Study: U.S. job market is putting more workers in positions with limited upside and leverage.
Twenty-six students and faculty members were honored for their accomplishments by the Department of Aeronautics and Astronautics at the department's senior recognition dinner on May 14.
The student chapter of the American Institute of Aeronautics and Astronautics (AIAA) presented the department's undergraduate teaching award to Professor Jack L. Kerrebrock and the undergraduate advising award to Professor Earll M. Murman.
The Yngve Raustein Award went to David R. Smith, a sophomore from Folsom, CA, for best exemplifying the spirit of the late Mr. Raustein by his encouragement and support to other students and his ability to overcome obstacles in the pursuit of his love for aerospace engineering.
The Andrew Morsa Memorial Award was presented to Paul Eremenko, a senior from West Lafayette, IN, for applying computers in combining wind-tunnel data, computational fluid dynamics, 6-DOF (degree of freedom) dynamic models and control theory to develop a pitch-rate controller designed to meet stringent UAV (unmanned aerial vehicle) performance requirements.
The Apollo Program Prize, awarded to an aero/astro student who conducts the best undergraduate research project on humans in space, was presented to seniors Dana M. Forti of Tyngsboro, MA and Shana L. Diez of Sugar Land, TX for their conception, design and operation of a two-person human-powered artificial gravity centrifuge.
The David J. Shapiro Memorial Award for designing, building and flying a high-speed electric-powered model aircraft in the 2001-02 Design Competition of the AIAA/Cessna Aircraft and the Office of Naval Research was presented to an eight-person team: graduate student Larry Baskett of Pleasanton, CA; seniors Bernard F. Ahyow of Irvine, CA and Lawrence O. Pilkinton of Ogallala, NE; and sophomores Daniel J. Benhammou of Colorado Springs, CO, Adam J. Diedrich of Petoskey, MI, Timothy D. Pigeon of Bridgewater, MA, Erik S. Stockham of Columbia, MO, and Caroline Twomey of Oconomowoc, WI.
The David J. Shapiro Memorial Award for designing, building and operating a radio-controlled micro air vehicle to compete in the Arizona State University Micro Air Vehicle 2001 Competition was presented to Martin Jonikas, a freshman from Berkeley, CA, on behalf of the Aero Astro Tech Model Aircrafters Club.
The Leaders for Manufacturing Prize was awarded to Mr. Ahyow and Nathan A. Doble, a senior from Shoreview, MN, for developing and validating a novel manufacturing technique for thin propellers with improved aerodynamic performance relative to conventional propellers.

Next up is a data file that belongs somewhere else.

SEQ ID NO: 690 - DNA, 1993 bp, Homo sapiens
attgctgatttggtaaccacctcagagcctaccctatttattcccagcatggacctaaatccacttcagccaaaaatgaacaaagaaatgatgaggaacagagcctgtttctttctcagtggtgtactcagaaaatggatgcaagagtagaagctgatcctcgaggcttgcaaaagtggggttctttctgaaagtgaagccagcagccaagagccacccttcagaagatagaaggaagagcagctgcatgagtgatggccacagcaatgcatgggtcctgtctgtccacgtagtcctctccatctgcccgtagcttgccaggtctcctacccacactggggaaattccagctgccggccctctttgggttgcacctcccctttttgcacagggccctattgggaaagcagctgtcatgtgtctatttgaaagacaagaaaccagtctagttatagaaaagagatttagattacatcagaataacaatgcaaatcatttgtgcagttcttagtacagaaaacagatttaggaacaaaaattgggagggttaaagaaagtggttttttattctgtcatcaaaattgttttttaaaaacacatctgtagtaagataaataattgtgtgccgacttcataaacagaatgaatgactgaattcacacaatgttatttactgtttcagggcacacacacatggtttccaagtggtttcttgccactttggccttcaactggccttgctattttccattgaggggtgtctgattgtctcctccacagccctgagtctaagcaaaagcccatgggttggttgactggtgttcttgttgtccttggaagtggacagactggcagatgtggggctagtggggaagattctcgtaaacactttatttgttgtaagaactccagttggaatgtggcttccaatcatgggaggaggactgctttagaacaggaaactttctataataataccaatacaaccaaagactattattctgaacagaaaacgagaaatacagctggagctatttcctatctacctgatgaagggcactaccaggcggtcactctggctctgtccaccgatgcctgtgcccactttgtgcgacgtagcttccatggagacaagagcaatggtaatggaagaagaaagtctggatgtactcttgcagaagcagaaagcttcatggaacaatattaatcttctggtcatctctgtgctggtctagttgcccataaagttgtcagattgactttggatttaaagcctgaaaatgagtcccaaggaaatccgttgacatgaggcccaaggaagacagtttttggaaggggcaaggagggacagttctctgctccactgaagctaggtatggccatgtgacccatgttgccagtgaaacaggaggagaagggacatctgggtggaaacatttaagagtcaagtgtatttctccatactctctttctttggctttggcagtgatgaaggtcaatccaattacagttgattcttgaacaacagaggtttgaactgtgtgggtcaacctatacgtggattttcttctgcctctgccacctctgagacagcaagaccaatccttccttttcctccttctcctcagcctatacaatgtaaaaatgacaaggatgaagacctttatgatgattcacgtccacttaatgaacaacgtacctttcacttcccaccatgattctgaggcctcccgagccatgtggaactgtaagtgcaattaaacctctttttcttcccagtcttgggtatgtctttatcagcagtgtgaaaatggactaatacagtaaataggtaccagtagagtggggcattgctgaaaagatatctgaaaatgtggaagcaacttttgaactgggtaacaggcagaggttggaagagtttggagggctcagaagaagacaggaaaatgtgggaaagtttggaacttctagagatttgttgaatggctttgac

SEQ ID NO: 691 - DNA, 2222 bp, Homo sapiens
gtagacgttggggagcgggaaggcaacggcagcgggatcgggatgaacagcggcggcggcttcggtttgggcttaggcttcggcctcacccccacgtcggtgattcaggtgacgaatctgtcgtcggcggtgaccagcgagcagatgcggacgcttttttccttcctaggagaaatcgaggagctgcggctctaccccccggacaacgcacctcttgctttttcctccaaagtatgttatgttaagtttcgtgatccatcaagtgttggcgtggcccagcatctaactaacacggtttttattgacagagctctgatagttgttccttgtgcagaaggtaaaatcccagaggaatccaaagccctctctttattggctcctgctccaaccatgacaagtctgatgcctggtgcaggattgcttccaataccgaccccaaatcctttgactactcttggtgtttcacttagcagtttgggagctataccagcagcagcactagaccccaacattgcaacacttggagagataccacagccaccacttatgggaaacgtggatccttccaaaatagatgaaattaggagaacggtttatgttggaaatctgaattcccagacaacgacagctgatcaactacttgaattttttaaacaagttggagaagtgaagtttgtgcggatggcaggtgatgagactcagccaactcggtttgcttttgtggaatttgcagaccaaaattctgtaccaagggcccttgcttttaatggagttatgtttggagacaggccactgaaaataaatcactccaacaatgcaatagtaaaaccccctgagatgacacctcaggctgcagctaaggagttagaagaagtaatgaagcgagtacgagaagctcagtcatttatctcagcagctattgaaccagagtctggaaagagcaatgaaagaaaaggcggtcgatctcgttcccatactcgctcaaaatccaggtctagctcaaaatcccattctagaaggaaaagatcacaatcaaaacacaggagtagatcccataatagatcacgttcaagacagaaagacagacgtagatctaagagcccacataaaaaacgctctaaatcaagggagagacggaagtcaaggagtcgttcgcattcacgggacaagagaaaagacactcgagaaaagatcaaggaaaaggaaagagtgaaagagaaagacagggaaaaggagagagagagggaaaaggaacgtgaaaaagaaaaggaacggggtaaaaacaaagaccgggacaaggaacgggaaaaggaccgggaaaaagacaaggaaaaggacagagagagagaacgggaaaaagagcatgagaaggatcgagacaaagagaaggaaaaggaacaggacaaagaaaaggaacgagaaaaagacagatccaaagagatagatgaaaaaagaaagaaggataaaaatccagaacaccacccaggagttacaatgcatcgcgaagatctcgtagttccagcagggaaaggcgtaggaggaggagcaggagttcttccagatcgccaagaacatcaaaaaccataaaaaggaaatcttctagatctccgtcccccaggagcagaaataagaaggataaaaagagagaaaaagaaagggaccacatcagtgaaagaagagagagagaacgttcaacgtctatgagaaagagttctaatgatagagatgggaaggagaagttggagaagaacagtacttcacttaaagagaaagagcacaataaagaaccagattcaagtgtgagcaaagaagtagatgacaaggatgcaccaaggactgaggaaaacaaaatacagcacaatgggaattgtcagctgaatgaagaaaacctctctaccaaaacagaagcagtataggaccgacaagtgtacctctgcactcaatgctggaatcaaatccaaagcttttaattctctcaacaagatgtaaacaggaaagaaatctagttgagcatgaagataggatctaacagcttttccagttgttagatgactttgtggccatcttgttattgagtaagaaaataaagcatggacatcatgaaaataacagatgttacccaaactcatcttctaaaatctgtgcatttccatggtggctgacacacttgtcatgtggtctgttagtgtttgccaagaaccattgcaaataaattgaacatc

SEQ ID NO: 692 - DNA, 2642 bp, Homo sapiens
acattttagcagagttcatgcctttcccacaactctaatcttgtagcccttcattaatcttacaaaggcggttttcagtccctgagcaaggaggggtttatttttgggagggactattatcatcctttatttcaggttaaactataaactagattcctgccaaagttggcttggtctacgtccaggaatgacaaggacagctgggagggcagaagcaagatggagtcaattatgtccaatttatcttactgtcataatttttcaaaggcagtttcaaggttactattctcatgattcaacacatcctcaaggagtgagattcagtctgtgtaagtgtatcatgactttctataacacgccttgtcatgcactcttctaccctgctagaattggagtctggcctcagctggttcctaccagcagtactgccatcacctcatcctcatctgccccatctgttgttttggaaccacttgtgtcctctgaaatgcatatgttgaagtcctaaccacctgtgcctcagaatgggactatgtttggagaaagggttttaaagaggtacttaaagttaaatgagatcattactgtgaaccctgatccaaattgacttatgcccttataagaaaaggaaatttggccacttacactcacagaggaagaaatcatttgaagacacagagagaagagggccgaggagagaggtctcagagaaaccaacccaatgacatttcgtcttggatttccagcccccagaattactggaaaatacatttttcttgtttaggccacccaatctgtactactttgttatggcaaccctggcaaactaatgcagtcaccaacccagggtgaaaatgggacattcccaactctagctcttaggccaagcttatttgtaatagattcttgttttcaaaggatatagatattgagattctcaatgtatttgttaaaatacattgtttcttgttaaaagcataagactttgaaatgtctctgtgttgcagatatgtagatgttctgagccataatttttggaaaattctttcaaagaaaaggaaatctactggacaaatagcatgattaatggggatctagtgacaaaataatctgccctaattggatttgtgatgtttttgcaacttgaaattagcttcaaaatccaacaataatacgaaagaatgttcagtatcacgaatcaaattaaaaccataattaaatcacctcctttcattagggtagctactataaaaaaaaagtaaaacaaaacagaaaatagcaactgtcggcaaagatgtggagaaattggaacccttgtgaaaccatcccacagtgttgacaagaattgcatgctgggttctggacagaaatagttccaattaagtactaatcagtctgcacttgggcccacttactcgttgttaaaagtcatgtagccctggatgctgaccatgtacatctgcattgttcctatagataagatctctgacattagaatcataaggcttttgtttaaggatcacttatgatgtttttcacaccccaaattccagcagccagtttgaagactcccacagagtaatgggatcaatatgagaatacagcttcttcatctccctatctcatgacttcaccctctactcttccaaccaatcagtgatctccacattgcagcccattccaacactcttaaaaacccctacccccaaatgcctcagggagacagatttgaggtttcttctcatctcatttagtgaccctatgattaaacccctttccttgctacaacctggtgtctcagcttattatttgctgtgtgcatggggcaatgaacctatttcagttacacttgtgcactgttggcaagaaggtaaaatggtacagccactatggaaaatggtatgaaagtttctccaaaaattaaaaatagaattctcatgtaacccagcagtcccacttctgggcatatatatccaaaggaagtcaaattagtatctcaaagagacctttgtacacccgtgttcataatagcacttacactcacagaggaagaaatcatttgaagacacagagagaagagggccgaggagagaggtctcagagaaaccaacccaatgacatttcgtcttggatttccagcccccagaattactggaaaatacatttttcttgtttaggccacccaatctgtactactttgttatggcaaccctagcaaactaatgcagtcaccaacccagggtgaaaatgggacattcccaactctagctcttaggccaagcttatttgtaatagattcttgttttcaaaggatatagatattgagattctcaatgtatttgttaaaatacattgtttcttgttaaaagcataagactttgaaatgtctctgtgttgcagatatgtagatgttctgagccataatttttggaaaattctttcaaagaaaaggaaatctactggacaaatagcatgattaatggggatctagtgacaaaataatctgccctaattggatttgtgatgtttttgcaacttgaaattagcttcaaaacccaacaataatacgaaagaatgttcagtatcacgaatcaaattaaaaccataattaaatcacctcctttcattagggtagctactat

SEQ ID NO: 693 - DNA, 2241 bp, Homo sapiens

The Pratt and Whitney Awards for outstanding achievement on an undergraduate experimental project were presented to seniors Lisa Dang of Downey, CA and Alan Y. Chen of Newtown, PA for characterization of JP-7 fuel as a micro-engine propellant, and to seniors Yassir Azziz of Casablanca, Morocco and Mariya A. Ishutkina of Newton, MA for experimental verification of a new theory for aerostructural vibration suppression.
The James Means Memorial Award for Excellence in Space Systems Engineering was presented to Ms. Dang for her contributions to the class project, an innovative multi-aperture reconnaissance satellite. The James Means Memorial Award for Excellence in Flight Vehicle Engineering was presented to Paul Eremenko, a senior from West Lafayette, IN, for excellence and creativity in the systems level and technical design of a low noise-impact supersonic business jet.
The Admiral Luis De Florez Award for original thinking or ingenuity was presented to seniors Ms. Dang and Mr. Chen for developing an innovative method for measuring the temperature and heat transfer properties of JP-7 fuel using remote sensors.
The Henry Web Salisbury Award, established by the family and friends of Mr. Salisbury, was presented to Noah Z. Warner, a senior from Petaluma, CA, for outstanding work in completing the undergraduate aeronautics and astronautics degree program.
Vladislav Gavrilets of Bishkek, Kyrgyzstan received the American Institute of Aeronautics and Astronautics' Guidance, Navigation and Control graduate student award for his project on autonomous acrobatic control of small rotorcraft.
Three staff members were presented with the Vickie Kerrebrock Award, which recognizes staff who make great contributions to "building a sense of community within the Department of Aeronautics and Astronautics." The recipients were graduate student Adam Hendriks of Vars, Ontario, senior technical instructor Richard F. Perdichizzi and academic program administrator Marie A. Stuppard.
Department head Edward F. Crawley, who presented the awards, cited Mr. Hendriks for "fostering strong departmental spirit by encouraging people to participate in intramural sports." Mr. Perdichizzi was nominated for "the warm care and support he offers as an advisor and a friend to students, staff and faculty alike." Ms. Stuppard received her award "for building a sense of community through the personal warmth and helpful advice she infuses in to the daily lives of students, faculty and staff." The award is named for Vickie Kerrebrock, wife of Professor Kerrebrock, who has befriended and supported many generations of MIT students.
A version of this article appeared in MIT Tech Talk on June 6, 2001.